This is tricky. Cushing bases his claims about the rising trajectory of pet ownership primarily on data from the American Pet Products Association. They claim that 90 million dogs and 94 million cats live in American homes. The American Veterinary Association, however, puts the numbers a lot lower — 77 million dogs and 58 million cats.

In addition, as the Washington Post’s animal beat reporter Karin Brulliard pointed out, when it comes to the percentage of homes that include a pet, the numbers are all over the place. The Pet Products Association claims 65% of American homes include an animal. Yet the most recent Veterinary Medical Association survey found 57% of households in the United States include a pet. A survey by Simmons (a well-regarded marketing group) put the number at 53% of homes, and the 2018 estimate of the United States Census was even lower at 49%.

The Number of Pets vs. the Percentage of Households

Mark Cushing writes that pets have become “bigger than Sgt. Pepper, Air Jordans, and Italian gelato on the first hot day of summer combined.” But is he correct in believing that pet ownership in the US is spreading as rapidly as a California wildfire? It depends on how you measure it. According to the Pet Products Association, the number of dogs and cats in the US increased by about 32% between 2000 and 2017. At the same time, the human population grew only 15%. These numbers support Cushing’s view that “America is raining cats and dogs.”

But the percentage of American households that include a companion animal tell a very different story. The American Veterinary Medical Association has conducted regular surveys of pet

Graph by Hal Herzog
Source: Graph by Hal Herzog

ownership since the mid-1980s. Their 1987 survey found that 38% of households in the United States included a dog and 31% included a cat. In their 2017/18 survey, 38% of American homes included a dog and 25% a cat. Basically, no change at all.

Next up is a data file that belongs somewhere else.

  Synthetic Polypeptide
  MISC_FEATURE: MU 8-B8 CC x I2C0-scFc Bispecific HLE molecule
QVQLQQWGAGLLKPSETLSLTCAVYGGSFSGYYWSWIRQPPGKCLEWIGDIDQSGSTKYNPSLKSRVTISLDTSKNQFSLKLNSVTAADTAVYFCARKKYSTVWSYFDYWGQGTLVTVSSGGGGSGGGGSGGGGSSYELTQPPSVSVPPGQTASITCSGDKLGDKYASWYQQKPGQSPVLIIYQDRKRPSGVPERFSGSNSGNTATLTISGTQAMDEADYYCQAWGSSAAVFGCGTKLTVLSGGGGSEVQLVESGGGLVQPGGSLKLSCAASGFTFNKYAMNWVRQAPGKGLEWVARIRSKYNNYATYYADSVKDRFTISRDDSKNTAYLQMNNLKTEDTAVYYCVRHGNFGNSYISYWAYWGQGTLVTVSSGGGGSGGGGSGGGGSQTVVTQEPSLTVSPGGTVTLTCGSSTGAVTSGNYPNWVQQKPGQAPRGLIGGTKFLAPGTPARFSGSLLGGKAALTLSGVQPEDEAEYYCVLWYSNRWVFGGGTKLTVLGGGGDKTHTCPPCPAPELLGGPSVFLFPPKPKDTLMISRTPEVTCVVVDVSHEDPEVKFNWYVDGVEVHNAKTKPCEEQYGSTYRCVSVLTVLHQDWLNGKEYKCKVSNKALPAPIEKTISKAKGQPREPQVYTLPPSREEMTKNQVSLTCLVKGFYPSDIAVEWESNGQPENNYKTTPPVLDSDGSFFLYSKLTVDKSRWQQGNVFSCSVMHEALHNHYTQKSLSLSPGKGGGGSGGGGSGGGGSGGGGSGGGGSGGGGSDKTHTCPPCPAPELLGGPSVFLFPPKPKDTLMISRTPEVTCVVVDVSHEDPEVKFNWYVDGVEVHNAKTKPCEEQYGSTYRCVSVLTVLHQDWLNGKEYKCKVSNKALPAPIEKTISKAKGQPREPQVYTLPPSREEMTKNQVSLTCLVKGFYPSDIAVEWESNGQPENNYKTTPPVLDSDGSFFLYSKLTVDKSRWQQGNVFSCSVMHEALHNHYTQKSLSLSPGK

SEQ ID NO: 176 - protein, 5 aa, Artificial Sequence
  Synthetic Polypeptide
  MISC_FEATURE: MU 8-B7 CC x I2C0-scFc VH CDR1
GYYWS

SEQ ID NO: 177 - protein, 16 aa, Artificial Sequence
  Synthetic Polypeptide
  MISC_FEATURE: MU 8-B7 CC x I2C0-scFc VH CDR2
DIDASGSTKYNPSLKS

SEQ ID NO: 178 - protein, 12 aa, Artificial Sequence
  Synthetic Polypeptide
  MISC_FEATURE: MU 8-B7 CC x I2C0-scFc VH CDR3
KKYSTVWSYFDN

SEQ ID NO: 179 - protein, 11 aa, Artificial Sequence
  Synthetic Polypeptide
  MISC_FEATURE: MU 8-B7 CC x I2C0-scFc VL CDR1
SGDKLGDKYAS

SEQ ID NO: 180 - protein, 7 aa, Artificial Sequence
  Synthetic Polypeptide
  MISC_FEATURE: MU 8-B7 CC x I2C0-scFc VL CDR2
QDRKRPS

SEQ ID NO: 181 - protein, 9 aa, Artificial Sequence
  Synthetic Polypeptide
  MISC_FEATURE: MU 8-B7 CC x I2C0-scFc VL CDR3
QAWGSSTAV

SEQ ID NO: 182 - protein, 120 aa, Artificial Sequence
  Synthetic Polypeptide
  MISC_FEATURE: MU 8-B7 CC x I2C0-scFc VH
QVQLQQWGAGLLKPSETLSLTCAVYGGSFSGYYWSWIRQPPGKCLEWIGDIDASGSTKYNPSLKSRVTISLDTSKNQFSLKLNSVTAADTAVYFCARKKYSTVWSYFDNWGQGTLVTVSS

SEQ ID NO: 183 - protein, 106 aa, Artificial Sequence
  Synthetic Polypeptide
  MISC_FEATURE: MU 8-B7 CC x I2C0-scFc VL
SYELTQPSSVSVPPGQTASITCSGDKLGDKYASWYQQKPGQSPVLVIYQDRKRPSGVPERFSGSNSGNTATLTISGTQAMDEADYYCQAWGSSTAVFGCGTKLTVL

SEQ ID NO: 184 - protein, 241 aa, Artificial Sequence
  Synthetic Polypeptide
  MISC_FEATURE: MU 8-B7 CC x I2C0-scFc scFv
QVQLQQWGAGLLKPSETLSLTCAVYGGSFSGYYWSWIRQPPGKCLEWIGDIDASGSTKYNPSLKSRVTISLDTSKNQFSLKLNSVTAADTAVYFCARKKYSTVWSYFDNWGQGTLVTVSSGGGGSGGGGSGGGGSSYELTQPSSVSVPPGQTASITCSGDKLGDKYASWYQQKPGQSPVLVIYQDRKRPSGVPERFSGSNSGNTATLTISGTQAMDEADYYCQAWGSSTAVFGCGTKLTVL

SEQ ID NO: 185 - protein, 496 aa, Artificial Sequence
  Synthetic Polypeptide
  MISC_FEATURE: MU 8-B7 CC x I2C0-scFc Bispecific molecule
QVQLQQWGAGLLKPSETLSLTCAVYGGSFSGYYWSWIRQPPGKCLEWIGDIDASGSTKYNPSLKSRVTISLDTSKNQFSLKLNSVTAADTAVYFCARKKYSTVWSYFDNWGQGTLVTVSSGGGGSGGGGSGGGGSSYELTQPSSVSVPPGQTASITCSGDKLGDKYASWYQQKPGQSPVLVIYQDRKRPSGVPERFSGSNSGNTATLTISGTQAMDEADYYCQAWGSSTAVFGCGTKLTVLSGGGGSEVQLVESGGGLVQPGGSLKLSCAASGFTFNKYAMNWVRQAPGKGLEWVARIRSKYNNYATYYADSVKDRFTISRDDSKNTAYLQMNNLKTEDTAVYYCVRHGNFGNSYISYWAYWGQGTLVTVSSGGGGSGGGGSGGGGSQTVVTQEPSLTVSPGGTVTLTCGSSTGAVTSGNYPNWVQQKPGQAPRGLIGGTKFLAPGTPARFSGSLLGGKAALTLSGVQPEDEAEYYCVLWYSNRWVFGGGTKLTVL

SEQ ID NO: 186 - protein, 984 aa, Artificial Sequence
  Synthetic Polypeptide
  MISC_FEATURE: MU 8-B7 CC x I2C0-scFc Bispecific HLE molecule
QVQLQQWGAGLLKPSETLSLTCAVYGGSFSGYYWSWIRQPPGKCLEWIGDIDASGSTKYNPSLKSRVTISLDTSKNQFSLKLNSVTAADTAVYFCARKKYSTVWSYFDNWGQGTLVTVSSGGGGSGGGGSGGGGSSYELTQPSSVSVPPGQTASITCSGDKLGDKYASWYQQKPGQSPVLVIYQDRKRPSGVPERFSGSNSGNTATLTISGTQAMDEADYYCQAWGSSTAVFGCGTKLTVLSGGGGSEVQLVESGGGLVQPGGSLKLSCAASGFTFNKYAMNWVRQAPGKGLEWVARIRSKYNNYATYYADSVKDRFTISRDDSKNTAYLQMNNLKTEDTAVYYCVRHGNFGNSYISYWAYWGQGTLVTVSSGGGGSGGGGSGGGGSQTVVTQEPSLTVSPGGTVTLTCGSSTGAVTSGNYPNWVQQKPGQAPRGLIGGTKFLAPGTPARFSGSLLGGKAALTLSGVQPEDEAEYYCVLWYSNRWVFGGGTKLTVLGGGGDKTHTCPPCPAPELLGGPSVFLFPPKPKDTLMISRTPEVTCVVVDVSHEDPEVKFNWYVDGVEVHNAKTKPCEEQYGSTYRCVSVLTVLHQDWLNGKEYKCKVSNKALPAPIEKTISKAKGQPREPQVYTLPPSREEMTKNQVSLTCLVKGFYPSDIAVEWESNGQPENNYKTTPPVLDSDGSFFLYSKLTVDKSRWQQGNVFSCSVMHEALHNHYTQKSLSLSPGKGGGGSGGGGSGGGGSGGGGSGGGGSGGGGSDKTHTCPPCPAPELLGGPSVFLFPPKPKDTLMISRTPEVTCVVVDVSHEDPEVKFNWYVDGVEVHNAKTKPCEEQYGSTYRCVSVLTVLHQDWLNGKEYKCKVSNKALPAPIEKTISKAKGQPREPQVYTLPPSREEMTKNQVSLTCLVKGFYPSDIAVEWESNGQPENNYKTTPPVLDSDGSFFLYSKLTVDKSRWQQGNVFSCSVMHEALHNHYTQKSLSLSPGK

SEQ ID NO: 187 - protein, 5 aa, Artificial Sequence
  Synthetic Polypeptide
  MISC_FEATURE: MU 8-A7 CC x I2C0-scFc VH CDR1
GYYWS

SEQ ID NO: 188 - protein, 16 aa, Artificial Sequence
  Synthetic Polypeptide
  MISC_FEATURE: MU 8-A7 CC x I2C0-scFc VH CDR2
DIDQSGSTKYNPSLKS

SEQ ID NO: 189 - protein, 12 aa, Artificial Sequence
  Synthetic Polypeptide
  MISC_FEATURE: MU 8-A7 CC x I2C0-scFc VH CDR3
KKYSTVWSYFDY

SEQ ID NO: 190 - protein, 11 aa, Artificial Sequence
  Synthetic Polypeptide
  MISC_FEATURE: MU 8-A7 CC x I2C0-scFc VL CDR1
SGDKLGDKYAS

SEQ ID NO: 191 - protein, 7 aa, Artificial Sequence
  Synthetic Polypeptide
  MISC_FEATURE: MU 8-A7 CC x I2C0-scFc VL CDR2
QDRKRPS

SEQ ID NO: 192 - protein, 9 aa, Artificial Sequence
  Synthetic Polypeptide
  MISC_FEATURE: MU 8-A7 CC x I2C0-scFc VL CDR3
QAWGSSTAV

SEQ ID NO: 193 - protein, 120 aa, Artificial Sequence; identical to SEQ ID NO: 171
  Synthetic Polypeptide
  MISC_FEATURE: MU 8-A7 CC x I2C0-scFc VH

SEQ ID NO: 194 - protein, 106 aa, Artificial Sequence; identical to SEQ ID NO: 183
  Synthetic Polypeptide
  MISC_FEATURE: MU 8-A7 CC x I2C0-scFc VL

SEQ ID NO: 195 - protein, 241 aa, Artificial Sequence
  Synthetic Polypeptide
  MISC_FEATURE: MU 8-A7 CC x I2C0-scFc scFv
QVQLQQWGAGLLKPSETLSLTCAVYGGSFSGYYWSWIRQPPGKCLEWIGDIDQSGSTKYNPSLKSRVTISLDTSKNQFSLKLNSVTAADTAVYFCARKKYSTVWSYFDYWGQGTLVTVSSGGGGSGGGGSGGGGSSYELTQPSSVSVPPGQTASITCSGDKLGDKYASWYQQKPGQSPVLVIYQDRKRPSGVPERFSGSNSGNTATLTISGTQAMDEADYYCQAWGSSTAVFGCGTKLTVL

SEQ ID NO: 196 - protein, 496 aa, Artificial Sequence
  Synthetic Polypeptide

Hence the puzzle — while the number of pets has climbed in the United States over the past 30 years, the percent of homes that include a companion animal has been completely stable. This fact was confirmed by Dr. Andrew Rowan, president of the animal protection organization WellBeing International. A foremost authority on pet demographics, he thinks the American Veterinary Medical Association surveys provide the most accurate picture of trends in pet ownership. In an e-mail to me, he concurred that the percent of homes in the United States that include a dog or cat has not changed for three decades. Indeed, he wrote, “Relative dog ownership has remained remarkably constant in the USA over 70 years.”

Does America Really Need an Additional 140 Million Cats and Dogs?

The answer to the question of whether it is “raining cats and dogs” in America depends on whether you are looking at raw numbers of pets (which have gone up) or the number of households that include a pet (which has not gone up).

I don’t know how to explain this mismatch. But it does raise the question: Do we really need more pets? Mark Cushing enthusiastically says, “Yes!” Indeed, he asks, “As we aim for an additional 50 million to 70 million dogs in the United States (and the same number of additional cats), can we produce enough dogs to meet the demand?”